Joe retired in 1976 with a record of 32-4-1 and 27 knockouts. He is widely regarded as one of the best heavyweights ever and one of Ali’s greatest rivals. He was named Fighter of the Year three times by The Ring magazine and twice by the Boxing Writers Association of America. He was also inducted into the International Boxing Hall of Fame and the World Boxing Hall of Fame.

The Relationship Between Father and Son

Marvis and Joe had a close relationship as father and son, as well as trainer and fighter. Joe taught Marvis everything he knew about boxing and supported him throughout his career. Marvis looked up to his father as his hero and role model. They shared a common faith in God and a love for their family.

However, their relationship was not without challenges and conflicts. Marvis sometimes felt pressured by his father’s expectations and legacy. He also wanted to prove himself as his own man and not just as Joe’s son. Joe sometimes pushed Marvis too hard or too fast in his career, exposing him to opponents that he was not ready for. He also had a tendency to be overprotective and overbearing, interfering with Marvis’s personal life and decisions.

One of the most controversial moments in their relationship was when Marvis fought Larry Holmes for the WBC heavyweight title in 1983. Holmes was the reigning champion and a former sparring partner of Joe. He was also a bitter enemy of Ali, who had insulted him and Joe in the past. Joe wanted Marvis to fight Holmes to avenge his losses to Ali and Foreman, as well as to restore the Frazier name. However, Marvis was not prepared for Holmes, who was taller, faster, and more experienced. Holmes dominated Marvis and knocked him out in the first round, inflicting him his first defeat.

Another difficult moment was when Marvis fought Mike Tyson in 1986. Tyson was the rising star of the heavyweight division, with a record of 24-0 and 22 knockouts. He was also a protégé of Cus D’Amato, who had trained Floyd Patterson, another rival of Joe. Joe wanted Marvis to fight Tyson to test his skills and courage, as well as to challenge D’Amato’s legacy. However, Marvis was no match for Tyson, who knocked him out in 30 seconds, the fastest knockout in heavyweight history.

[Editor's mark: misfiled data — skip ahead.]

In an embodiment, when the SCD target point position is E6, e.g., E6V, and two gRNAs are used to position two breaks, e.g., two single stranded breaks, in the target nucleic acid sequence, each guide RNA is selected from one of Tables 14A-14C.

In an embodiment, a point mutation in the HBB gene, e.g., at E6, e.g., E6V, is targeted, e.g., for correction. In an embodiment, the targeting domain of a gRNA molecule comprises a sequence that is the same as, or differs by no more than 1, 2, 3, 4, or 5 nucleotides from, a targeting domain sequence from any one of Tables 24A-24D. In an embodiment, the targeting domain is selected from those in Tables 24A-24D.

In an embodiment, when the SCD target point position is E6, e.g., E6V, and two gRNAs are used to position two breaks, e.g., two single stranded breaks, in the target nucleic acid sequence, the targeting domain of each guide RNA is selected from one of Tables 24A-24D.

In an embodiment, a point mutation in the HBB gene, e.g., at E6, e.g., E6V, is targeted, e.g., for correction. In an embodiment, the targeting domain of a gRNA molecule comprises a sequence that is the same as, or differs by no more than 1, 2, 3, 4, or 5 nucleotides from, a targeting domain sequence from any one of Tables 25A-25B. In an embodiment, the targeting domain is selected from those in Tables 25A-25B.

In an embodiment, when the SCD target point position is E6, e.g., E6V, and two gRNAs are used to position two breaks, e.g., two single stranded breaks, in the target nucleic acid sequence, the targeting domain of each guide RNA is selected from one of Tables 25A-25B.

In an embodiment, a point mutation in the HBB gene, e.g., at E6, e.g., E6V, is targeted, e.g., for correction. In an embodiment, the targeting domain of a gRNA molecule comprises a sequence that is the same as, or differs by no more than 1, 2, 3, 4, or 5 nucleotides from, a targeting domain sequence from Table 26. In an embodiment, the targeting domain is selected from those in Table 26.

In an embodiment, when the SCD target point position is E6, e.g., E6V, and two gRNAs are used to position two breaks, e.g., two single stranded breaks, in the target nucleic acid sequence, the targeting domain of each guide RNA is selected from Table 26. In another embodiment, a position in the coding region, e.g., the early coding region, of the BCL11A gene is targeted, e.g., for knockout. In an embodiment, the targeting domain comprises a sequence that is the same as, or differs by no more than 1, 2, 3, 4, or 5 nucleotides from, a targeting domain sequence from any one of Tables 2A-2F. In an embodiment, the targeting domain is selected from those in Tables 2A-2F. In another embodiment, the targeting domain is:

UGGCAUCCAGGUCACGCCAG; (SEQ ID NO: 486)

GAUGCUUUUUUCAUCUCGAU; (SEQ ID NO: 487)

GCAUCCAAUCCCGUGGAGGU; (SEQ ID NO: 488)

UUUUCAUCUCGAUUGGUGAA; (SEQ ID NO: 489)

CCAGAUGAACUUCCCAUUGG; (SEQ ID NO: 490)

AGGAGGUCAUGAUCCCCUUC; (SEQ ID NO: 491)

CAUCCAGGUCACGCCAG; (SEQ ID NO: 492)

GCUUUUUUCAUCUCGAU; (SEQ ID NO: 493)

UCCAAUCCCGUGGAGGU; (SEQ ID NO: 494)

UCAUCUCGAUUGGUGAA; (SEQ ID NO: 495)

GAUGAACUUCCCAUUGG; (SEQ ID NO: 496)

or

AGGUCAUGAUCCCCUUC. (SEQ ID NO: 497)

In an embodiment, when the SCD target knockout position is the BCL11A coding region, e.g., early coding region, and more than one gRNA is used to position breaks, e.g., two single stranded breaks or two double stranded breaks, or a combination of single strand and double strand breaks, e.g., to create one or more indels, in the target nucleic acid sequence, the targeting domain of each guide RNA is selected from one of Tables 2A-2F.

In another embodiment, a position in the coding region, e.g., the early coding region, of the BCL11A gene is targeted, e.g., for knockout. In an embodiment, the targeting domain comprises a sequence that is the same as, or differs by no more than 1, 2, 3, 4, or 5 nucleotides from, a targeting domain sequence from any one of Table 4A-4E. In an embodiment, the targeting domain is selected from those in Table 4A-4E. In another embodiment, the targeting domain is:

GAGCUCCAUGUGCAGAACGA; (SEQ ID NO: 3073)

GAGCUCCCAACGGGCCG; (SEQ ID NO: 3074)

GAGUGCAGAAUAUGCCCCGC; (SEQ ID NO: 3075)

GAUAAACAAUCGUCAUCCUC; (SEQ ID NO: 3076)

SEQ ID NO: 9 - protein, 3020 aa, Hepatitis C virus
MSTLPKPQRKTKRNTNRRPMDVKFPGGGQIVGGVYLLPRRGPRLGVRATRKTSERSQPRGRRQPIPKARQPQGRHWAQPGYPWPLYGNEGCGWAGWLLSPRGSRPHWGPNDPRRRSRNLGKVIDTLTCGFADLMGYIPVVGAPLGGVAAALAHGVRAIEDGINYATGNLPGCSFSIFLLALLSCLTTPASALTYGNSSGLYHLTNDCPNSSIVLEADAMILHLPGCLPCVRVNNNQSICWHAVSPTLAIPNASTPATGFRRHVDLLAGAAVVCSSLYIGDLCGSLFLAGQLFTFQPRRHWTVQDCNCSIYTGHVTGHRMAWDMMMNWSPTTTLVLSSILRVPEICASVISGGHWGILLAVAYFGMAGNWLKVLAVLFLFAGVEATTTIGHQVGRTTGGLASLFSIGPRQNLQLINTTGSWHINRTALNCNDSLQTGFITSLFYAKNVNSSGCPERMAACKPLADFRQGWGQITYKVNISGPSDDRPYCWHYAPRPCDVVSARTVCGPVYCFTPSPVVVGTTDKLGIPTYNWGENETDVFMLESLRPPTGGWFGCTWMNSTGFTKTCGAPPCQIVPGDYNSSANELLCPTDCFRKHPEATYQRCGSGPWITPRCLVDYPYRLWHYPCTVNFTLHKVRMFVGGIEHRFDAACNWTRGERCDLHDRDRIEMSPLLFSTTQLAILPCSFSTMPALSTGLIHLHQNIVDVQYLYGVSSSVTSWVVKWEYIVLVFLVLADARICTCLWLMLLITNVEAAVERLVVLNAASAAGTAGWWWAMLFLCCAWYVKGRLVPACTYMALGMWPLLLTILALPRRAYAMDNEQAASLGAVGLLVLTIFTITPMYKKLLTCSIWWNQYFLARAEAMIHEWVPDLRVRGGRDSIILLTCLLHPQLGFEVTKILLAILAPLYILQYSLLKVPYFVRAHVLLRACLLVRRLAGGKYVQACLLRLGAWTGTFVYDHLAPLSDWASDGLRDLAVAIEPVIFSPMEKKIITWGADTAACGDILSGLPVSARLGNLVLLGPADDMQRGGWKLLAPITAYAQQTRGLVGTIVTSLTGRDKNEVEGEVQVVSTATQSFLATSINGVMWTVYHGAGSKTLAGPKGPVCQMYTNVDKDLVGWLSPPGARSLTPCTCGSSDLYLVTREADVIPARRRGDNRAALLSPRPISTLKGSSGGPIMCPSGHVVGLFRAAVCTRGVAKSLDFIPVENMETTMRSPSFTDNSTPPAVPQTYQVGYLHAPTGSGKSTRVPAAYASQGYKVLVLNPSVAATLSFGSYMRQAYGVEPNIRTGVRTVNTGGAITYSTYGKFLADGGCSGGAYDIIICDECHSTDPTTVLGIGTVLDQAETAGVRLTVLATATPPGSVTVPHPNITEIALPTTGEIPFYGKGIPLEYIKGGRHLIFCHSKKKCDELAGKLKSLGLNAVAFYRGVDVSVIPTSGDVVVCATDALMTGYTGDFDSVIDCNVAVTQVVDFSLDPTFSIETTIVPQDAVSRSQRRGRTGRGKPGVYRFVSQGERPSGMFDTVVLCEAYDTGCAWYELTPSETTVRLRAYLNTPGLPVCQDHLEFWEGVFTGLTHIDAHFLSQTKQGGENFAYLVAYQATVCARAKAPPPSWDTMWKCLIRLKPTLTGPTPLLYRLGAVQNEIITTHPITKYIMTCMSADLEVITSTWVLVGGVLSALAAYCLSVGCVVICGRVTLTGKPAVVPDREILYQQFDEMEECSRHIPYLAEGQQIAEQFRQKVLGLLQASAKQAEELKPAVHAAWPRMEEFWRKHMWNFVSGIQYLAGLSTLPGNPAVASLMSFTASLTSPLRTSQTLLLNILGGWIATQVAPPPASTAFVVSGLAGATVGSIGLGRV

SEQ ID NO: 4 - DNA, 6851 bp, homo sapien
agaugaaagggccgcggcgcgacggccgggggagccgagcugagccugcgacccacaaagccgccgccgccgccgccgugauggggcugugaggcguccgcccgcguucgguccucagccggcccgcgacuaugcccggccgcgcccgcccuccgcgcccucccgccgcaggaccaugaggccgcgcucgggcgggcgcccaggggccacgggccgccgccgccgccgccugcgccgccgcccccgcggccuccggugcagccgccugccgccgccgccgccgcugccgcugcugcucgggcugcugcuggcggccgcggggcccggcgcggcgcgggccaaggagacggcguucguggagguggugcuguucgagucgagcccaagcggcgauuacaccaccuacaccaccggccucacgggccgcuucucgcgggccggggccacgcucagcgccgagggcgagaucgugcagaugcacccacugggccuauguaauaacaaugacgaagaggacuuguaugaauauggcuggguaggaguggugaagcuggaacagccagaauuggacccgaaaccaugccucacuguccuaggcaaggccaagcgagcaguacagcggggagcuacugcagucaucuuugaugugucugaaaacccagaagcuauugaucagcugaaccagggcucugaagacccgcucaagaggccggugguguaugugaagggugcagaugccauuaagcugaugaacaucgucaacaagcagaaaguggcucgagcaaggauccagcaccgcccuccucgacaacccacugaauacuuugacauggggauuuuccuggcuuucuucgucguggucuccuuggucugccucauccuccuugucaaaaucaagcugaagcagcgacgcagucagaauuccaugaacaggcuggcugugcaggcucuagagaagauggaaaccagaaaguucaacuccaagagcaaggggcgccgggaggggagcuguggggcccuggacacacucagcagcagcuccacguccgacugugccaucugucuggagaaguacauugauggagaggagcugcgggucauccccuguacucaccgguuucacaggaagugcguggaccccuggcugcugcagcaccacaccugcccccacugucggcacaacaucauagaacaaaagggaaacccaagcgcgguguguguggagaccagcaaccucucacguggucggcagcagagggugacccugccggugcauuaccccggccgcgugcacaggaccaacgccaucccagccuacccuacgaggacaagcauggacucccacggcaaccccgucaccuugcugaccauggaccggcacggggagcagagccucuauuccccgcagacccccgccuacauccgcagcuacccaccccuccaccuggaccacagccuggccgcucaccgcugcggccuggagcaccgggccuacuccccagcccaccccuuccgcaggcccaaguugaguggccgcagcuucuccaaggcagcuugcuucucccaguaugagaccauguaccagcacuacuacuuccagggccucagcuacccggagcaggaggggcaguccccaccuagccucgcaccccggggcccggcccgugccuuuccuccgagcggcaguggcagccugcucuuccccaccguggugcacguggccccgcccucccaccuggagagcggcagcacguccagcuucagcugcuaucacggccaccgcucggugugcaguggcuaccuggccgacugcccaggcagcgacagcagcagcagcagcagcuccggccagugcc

After these losses, Marvis’s career went downhill. He won four more fights against lesser opponents, but he lost his last bout to Phillip Brown by a split decision in 1986. He retired with a record of 19-2 and 8 knockouts. He later became an ordained minister and a prison counselor. He also ran the family limousine business and trained his brother Joe Jr. and his sister Jackie, who both became professional boxers.

Joe continued to train fighters in his gym in Philadelphia until his death in 2011. He died of liver cancer at the age of 67. He had a complicated relationship with Ali, who had taunted him and called him names before their fights. Joe never forgave Ali for his insults and felt that he did not get enough respect or recognition for his achievements. However, he also had moments of reconciliation and friendship with Ali, who visited him at his hospital bed before he died.

Marvis and Joe Frazier were a father and son who shared a passion for boxing and a bond of love. They had their ups and downs, their triumphs and tragedies, their joys and sorrows. They were both champions in their own right, but they also faced formidable challenges and opponents. They were part of a boxing family that made history and left a legacy in the sport.

According to Wikipedia